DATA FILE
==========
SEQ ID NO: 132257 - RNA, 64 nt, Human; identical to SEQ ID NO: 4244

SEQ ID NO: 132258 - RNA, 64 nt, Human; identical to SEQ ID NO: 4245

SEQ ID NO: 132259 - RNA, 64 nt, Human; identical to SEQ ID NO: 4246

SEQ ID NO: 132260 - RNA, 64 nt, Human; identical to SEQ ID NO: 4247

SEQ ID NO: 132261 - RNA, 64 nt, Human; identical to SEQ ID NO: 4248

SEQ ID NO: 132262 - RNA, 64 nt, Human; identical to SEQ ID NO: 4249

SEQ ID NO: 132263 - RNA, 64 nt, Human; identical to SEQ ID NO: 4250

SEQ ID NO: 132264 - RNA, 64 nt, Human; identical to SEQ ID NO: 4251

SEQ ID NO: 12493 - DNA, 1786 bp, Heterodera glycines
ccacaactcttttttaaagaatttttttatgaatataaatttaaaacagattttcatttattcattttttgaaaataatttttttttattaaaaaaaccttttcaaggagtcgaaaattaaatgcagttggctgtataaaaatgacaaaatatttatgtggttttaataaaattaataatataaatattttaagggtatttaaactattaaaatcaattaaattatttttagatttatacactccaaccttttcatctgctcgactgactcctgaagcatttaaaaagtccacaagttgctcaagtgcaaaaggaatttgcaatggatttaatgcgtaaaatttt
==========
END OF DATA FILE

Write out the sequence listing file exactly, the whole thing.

SEQ ID NO: 132257 - RNA, 64 nt, Human; identical to SEQ ID NO: 4244

SEQ ID NO: 132258 - RNA, 64 nt, Human; identical to SEQ ID NO: 4245

SEQ ID NO: 132259 - RNA, 64 nt, Human; identical to SEQ ID NO: 4246

SEQ ID NO: 132260 - RNA, 64 nt, Human; identical to SEQ ID NO: 4247

SEQ ID NO: 132261 - RNA, 64 nt, Human; identical to SEQ ID NO: 4248

SEQ ID NO: 132262 - RNA, 64 nt, Human; identical to SEQ ID NO: 4249

SEQ ID NO: 132263 - RNA, 64 nt, Human; identical to SEQ ID NO: 4250

SEQ ID NO: 132264 - RNA, 64 nt, Human; identical to SEQ ID NO: 4251

SEQ ID NO: 12493 - DNA, 1786 bp, Heterodera glycines
ccacaactcttttttaaagaatttttttatgaatataaatttaaaacagattttcatttattcattttttgaaaataatttttttttattaaaaaaaccttttcaaggagtcgaaaattaaatgcagttggctgtataaaaatgacaaaatatttatgtggttttaataaaattaataatataaatattttaagggtatttaaactattaaaatcaattaaattatttttagatttatacactccaaccttttcatctgctcgactgactcctgaagcatttaaaaagtccacaagttgctcaagtgcaaaaggaatttgcaatggatttaatgcgtaaaatttt